Let's say on the extreme end, somehow the players and owners agree to the NHL's initial offer that called for a revenue split that gave the players 47 percent of the cut. Jonathan Willis at the Edmonton Journal did the math and figured that would mean a salary cap next season of $54 million and a floor of $42 million. Now let's say the salary-cap hit for those long-term deals isn't the average annual salary but instead the actual salary. It would make for drastic changes for the 2012-13 season:
(numbers per CapGeek.com)
Actual salary for 2012-13: $72.76 million
Amount over proposed NHL cap: $18.76 million
Salary saved by 20 percent rollback: $14.6 million
Notes: Tyler Myers is slated to earn $12 million next season, so his salary alone would count for 22 percent of the salary-cap hit. Myers' contract drops in half, to $6 million the following season, so he'd be a transition-rule candidate if a form of that is enacted. Ehrhoff's salary is also cut in half, from $8 million next season to $4 million the following season, so he would be eligible too.
Actual salary for 2012-13: $70.37 million
Amount over proposed NHL cap: $16.37 million
Salary saved by 20 percent rollback: $14 million
Notes: The Wild structured Mikko Koivu's contract in a way that is back-end loaded, which helps in this situation to balance against huge early salaries and bonuses for Suter and Parise. Koivu's actual salary next season is $5.4 million and it climbs to $9.18 million in 2017-18. By then, Suter and Parise's actual salary declines to $9 million from $12 million.
New York Rangers
Actual salary for 2012-13: $67.1 million
Amount over proposed NHL cap: $13.1 million
Salary saved by 20 percent rollback: $13.4 million
Notes: The Rangers' total includes salary for Wade Redden and Chris Drury's buyout. Many believe the option to bury a player in the AHL won't exist in the new CBA. The Rangers back-loaded Marc Staal's contract, which helps balance the heavily front-loaded deal given to Brad Richards. Richards is slated to earn $12 million next year, which would be the Rangers' highest cap hit under this system and a candidate for a transition-rule decrease. The Rangers still need to sign Michael Del Zotto, a restricted free agent.
None of the above factors in the idea of a luxury tax, a provision that would potentially help big-market teams manage any recalculated cap hits while providing much-needed revenue sharing for smaller-market teams. And the players' proposal to the league earlier this week did not include a restructuring of salary-cap calculations. It's likely this is an initiative that would have to come from ownership.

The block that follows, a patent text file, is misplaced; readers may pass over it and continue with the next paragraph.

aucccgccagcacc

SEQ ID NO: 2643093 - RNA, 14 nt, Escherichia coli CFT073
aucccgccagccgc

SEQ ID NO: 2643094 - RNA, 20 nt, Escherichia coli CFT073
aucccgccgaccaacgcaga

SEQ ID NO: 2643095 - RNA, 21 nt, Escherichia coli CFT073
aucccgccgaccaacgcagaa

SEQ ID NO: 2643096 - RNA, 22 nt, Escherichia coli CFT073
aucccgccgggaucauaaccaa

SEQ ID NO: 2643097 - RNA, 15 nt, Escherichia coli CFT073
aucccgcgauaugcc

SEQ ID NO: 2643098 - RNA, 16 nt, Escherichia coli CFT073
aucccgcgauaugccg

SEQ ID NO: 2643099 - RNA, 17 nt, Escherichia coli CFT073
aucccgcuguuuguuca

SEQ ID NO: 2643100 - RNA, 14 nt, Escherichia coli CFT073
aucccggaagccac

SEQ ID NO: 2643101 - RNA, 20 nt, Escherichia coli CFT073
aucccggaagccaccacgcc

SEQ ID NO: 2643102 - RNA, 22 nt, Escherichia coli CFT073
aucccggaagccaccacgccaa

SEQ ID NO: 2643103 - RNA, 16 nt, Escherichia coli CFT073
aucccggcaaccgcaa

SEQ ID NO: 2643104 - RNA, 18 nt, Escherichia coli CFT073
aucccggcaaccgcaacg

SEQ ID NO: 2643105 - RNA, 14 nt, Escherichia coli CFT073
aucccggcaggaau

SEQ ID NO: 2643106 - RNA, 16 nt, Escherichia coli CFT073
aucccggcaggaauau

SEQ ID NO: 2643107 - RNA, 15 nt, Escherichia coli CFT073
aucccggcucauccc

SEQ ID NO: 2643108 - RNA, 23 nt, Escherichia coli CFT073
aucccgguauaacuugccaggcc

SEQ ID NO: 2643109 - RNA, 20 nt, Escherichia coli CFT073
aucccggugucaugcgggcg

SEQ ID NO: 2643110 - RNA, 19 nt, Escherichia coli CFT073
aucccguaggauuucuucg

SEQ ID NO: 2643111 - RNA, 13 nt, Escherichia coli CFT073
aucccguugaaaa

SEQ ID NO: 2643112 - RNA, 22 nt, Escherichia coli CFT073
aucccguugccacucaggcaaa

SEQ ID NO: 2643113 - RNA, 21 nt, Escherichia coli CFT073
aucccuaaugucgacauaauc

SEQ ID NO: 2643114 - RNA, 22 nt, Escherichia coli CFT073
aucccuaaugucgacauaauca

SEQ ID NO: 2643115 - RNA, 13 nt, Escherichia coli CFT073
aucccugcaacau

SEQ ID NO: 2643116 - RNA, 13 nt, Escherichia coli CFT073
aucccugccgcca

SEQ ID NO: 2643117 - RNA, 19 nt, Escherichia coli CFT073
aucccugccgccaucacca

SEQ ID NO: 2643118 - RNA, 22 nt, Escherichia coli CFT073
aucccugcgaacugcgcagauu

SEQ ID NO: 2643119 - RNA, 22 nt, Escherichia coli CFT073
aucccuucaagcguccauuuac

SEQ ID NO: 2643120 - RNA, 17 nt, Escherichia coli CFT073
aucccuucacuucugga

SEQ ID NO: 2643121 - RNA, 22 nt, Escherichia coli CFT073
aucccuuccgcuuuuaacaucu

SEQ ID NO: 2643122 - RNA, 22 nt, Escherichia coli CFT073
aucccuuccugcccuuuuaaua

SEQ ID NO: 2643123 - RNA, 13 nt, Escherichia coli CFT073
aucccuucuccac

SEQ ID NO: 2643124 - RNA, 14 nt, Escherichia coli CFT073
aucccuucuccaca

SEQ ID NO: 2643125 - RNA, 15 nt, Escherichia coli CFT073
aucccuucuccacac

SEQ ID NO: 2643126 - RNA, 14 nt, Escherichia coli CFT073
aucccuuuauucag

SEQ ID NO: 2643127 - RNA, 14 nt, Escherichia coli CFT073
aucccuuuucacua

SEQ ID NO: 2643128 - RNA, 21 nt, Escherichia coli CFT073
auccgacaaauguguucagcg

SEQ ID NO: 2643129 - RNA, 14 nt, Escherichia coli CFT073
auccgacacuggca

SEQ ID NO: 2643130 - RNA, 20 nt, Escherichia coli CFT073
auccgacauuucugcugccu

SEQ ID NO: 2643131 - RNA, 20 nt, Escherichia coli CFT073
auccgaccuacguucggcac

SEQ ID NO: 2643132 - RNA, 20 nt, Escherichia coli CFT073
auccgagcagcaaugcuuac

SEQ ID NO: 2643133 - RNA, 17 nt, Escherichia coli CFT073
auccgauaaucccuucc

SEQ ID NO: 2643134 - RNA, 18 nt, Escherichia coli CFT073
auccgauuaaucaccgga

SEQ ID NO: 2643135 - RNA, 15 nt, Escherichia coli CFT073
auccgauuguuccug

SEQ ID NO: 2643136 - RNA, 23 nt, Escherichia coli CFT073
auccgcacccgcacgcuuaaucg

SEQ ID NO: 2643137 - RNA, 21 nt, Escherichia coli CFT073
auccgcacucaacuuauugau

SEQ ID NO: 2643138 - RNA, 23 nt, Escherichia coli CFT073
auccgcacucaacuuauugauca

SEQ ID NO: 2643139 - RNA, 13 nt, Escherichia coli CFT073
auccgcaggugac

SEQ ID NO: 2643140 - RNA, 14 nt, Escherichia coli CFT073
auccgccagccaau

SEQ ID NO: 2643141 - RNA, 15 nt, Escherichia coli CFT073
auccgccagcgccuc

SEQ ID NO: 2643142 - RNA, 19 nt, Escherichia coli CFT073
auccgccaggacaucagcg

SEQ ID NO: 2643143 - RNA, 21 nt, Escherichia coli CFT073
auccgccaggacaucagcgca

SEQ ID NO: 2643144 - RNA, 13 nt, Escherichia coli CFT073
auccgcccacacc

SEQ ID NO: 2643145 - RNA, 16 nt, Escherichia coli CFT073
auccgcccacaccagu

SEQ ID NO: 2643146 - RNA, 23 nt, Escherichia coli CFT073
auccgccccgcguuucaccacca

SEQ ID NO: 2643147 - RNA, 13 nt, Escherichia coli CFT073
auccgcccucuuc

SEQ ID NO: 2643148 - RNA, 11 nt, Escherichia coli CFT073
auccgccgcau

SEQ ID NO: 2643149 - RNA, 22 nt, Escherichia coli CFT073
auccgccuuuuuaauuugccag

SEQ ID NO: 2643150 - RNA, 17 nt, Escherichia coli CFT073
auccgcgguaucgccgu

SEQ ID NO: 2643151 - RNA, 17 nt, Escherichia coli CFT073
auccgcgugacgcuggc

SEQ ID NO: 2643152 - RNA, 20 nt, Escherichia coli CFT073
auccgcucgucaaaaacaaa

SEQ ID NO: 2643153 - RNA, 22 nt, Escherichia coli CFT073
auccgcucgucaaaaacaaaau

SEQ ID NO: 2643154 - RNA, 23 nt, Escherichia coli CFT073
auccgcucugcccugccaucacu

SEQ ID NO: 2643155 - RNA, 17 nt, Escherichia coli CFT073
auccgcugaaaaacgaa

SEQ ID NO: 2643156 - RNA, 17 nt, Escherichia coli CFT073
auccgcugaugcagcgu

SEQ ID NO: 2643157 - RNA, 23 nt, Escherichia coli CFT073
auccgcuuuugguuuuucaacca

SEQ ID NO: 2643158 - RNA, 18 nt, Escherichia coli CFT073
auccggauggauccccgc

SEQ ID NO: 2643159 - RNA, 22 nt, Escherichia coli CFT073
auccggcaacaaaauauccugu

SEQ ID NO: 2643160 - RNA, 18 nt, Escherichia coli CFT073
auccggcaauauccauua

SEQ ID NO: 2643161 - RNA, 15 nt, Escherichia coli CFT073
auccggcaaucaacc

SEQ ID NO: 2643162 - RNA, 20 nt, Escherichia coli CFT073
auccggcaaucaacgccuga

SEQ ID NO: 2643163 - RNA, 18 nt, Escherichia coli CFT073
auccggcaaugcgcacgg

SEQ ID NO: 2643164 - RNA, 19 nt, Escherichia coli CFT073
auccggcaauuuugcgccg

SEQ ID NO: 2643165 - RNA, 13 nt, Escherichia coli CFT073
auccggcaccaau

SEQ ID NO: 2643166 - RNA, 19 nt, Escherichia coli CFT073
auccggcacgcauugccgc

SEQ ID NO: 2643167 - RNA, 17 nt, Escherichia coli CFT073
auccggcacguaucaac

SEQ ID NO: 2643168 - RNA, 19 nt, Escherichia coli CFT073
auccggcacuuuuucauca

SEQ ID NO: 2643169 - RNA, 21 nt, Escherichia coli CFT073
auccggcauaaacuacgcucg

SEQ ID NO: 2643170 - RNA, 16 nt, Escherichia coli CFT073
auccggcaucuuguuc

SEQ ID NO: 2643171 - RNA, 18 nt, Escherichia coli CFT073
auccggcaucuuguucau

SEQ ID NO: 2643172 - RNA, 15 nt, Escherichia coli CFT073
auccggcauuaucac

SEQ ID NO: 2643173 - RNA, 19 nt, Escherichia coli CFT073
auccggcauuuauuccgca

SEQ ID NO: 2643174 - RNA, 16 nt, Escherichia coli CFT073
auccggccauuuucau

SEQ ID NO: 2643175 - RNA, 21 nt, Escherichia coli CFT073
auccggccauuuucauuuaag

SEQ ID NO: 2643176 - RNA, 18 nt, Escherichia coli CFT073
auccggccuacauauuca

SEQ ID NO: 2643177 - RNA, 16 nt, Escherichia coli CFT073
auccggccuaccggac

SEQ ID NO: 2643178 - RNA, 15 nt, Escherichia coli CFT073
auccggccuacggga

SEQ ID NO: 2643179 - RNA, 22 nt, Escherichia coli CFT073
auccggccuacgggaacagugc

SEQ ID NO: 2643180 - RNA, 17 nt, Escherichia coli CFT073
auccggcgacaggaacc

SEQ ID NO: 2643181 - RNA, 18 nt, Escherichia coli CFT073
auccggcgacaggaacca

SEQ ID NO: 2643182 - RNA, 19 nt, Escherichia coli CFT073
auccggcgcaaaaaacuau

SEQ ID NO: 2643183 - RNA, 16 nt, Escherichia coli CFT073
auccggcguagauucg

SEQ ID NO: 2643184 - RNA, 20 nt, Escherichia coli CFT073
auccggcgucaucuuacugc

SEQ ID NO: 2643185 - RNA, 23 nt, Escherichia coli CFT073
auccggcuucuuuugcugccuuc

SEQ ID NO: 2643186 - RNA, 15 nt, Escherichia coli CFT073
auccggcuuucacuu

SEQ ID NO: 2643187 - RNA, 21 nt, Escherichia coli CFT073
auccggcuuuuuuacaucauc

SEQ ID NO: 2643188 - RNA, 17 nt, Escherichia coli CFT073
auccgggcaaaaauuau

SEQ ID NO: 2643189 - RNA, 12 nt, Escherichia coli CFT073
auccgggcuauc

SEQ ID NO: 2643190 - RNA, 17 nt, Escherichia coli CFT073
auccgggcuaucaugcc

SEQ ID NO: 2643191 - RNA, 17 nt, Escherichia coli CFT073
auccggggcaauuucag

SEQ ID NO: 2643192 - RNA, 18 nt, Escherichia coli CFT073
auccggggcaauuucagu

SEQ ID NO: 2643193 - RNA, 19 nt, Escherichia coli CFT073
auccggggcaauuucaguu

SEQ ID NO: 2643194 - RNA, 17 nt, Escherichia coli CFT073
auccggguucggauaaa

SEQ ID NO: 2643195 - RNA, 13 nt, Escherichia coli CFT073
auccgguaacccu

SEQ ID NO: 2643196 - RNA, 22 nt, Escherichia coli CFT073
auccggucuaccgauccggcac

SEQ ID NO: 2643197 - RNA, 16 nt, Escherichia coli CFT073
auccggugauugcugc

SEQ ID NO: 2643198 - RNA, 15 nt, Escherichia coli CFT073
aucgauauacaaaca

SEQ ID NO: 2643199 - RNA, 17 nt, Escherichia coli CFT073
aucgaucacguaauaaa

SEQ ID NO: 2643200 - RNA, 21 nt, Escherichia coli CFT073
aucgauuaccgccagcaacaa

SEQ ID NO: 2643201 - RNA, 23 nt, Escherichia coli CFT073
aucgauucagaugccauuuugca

At this point in CBA talks, it's too early to judge how realistic the possibility of something like this would be.
"Impossible to say," said an NHL source.
If enacted, it would mean that teams that have managed their rosters without Kovalchuk-like long-term deals would be in position to take advantage by acquiring players from those looking to slash payroll or by signing players bought out in an attempt to get under the cap.
The question becomes: Who would push for such a change? If enacted, this measure would negatively affect some of the league's most influential owners. Would those teams go along with that? And is the other side of the negotiating table receptive to it?
"I'm not sure that it's as big a problem as people are making it out to be," said one agent. "The signing bonuses have really been driven by the potential lockout. It may very well be that [players] would prefer to spread that money out over time tax-wise. And talk to any team president in the NHL and they will tell you one of the lifelines in their business is their credit line. They just throw that [stuff] into a line of credit."
It's one of the reasons that it may be premature to judge rosters heading into next season. Some teams that have been quiet this summer are perfectly poised to take advantage of a situation like this. Others might have to slash payroll to get under the cap next season, making the post-CBA fallout potentially more interesting than the negotiations themselves.